students and 30 teachers while the College of Education will nominate 60
teacher-trainees and 10 of their lecturers.

We have a van which is being rigged up as our Mobile Community Telecentre to
provide internet access for the rural communities. We have also acquired four
computers which will be carried in the van from one village to the next on
designated days.

- Internet access to the van.
- Source of power for the computers within the van (?car batteries)
- Funds to maintain the van for duration of the project, including wages for
the driver who is also a resource person with some level of computer/internet
- Funds for a printer with its accessories, stationeries, floppy discs

It is envisged that the pilot project will last 18months.

The Mobile Community Telecentre project will be incorporated into our existing
micro-credit project, with staff from this project trained to operate the
system put in place. We will put in place a Telecentre Sponsorship Programme
similar to what obtains in our Micro-credit schemes. Nigerians who love in
developed countries are often members of clan, village, and cultural
organisations in their new countries of residence. Many of these groups are
willing to participate in community development activities for their home-villages and clans. They will be invited to adopt the telecentre project for
their own villages and provide support for its continued operation. Similar
organisations including professional associations within Nigeria will also be
invited to sponsor the telecntre programme.
List of Distribution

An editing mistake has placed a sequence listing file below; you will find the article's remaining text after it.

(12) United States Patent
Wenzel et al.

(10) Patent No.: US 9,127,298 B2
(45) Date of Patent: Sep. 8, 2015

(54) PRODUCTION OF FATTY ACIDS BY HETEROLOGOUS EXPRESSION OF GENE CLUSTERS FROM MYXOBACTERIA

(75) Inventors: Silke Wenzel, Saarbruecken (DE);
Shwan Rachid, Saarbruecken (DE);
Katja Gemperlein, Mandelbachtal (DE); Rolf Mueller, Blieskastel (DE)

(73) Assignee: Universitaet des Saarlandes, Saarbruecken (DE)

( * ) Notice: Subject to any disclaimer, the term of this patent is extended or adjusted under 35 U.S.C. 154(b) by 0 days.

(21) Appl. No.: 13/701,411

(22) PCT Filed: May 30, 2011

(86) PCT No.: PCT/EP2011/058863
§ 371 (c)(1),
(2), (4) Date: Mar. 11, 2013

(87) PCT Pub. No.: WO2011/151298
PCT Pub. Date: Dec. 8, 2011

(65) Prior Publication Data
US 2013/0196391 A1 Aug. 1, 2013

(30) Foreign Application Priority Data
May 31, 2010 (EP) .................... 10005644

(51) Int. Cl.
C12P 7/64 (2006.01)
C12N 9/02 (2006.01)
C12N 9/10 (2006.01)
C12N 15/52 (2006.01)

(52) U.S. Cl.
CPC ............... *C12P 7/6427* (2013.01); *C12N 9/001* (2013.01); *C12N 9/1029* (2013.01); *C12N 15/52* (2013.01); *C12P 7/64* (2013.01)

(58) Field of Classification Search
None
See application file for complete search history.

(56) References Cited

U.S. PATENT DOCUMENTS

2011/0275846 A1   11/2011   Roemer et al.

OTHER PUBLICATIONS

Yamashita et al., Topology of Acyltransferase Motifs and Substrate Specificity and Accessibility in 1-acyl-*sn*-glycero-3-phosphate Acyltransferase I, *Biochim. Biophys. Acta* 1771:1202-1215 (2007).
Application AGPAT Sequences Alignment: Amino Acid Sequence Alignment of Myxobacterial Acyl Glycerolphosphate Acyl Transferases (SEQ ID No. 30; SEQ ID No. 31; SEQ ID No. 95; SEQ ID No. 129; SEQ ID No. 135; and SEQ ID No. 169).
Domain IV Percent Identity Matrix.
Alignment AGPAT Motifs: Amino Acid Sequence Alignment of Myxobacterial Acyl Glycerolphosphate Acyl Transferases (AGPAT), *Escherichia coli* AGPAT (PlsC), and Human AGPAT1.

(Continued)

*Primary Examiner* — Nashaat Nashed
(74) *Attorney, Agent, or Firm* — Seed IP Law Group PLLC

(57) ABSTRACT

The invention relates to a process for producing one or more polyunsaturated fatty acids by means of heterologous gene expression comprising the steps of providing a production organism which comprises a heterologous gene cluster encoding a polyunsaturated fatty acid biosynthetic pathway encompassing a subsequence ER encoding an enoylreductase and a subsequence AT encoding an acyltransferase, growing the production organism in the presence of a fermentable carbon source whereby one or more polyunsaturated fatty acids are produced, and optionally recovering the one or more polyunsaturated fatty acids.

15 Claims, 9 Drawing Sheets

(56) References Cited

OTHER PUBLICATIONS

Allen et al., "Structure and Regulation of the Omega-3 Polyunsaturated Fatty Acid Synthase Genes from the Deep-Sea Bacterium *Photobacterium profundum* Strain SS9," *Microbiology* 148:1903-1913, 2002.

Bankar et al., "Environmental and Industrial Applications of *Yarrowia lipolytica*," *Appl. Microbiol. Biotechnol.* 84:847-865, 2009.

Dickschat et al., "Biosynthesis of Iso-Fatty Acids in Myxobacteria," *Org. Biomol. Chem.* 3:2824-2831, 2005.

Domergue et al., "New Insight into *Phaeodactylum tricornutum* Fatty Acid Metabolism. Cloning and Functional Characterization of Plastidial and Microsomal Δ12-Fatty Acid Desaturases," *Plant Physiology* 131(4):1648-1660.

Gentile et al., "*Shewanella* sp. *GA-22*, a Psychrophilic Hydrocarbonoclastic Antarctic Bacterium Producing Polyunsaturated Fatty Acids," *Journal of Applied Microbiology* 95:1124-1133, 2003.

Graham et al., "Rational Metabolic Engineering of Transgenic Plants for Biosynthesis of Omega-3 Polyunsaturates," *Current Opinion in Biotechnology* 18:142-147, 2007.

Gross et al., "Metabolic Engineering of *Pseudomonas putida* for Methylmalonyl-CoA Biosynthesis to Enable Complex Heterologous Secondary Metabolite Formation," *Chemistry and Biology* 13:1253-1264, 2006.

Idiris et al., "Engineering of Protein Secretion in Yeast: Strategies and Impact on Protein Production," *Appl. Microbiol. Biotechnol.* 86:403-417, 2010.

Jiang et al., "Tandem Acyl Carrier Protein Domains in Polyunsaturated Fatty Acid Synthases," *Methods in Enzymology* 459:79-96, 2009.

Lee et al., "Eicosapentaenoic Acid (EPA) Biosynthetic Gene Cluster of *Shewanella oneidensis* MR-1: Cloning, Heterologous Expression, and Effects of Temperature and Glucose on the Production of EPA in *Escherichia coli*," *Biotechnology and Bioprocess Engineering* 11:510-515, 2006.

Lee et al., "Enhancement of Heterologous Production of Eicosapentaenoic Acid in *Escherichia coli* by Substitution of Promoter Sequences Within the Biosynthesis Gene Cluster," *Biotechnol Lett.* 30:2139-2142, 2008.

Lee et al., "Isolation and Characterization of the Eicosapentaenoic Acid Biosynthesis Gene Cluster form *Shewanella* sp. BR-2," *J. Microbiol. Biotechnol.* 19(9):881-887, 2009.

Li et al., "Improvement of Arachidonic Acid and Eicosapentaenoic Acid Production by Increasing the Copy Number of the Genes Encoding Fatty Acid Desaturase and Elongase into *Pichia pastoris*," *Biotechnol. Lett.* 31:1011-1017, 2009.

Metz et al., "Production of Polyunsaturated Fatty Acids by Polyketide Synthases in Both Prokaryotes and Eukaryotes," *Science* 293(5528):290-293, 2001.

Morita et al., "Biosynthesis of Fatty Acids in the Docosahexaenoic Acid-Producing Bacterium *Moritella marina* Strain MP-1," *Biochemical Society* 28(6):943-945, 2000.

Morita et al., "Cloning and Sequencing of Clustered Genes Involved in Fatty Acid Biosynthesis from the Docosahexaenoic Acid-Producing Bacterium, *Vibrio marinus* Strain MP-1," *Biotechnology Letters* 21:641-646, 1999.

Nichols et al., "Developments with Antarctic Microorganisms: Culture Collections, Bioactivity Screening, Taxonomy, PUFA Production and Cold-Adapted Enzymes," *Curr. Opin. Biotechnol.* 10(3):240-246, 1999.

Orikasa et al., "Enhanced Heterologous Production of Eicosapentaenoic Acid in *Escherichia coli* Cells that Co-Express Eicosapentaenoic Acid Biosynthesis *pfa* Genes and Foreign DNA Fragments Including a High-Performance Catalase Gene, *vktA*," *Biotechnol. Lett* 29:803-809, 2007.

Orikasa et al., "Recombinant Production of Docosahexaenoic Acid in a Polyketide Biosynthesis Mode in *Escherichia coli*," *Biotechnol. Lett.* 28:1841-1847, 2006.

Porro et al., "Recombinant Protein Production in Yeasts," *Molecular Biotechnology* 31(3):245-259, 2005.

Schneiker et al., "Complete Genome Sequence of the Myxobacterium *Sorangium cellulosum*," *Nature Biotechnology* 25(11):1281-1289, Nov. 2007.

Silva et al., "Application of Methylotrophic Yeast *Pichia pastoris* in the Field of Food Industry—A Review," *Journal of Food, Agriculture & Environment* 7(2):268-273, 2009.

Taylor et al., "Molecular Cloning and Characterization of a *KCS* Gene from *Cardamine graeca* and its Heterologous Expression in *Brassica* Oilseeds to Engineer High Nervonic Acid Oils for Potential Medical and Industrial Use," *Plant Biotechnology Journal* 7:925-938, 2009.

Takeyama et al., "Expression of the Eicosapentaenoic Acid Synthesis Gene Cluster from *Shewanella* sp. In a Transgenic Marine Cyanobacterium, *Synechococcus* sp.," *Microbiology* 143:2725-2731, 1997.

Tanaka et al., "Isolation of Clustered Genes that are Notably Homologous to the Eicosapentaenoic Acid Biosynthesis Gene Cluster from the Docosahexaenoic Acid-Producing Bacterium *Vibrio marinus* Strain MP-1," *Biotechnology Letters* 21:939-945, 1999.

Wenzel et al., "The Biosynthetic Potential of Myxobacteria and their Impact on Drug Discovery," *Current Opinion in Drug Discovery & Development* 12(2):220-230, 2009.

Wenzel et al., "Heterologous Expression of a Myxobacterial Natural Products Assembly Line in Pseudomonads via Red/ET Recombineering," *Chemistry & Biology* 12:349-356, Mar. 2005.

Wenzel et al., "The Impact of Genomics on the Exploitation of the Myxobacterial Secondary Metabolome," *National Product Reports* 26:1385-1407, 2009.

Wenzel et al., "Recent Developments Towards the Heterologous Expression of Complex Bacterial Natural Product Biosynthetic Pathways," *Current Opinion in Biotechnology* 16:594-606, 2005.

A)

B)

Roger Lee Boston
Rockwell Chair Instructor and Consultant for Creativity
Distance Education/Technology Center
Office of the President
Houston Community College System
4310 Dunlavy
P. O. Box 7849
Houston, TX 77270-7849
713-718-5224 (direct)
713-265-5343 (main)
FAX: 713 718-5301

John C. Afele, Ph.D
Program Director
The Indigenous African Perspective on Sustainable Livelihoods
Department of Plant Agriculture
Crop Science Division
University of Guelph
Guelph, Ontario
Canada N1G 2W1
Telephone:(Bus)1-519-824-4120 ext 3934/8164
(Home) 1-519-831-4862
Fax: 1-519-763-8933
Chair, Grants & Research Committe,
Ghana Computer Literacy and Distance Education project
< http://www.ghaclad.org >
Member of Africa TeleHealth Consorutium
< http://ccen.uccb.ns.ca/nairobi >
Member, IT for Development Working Group
Council for Tropical and Sub-Tropical Agriculture, Germany
< http://www.dainet.de/gil >
* Takeshi Utsumi, Ph.D., P.E., Chairman, GLOSAS/USA *
* (GLObal Systems Analysis and Simulation Association in the U.S.A.) *
* Laureate of Lord Perry Award for Excellence in Distance Education *
* Founder of CAADE *
* (Consortium for Affordable and Accessible Distance Education) *
* President Emeritus and V.P. for Technology and Coordination of *
* Global University System (GUS) *
* 43-23 Colden Street, Flushing, NY 11355-3998, U.S.A. *
* Tel: 718-939-0928; Fax: 718-939-0656 (day time only--prefer email) *
* Email: utsumi@columbia.edu; Tax Exempt ID: 11-2999676 *
* http://www.friends-partners.org/GLOSAS/ *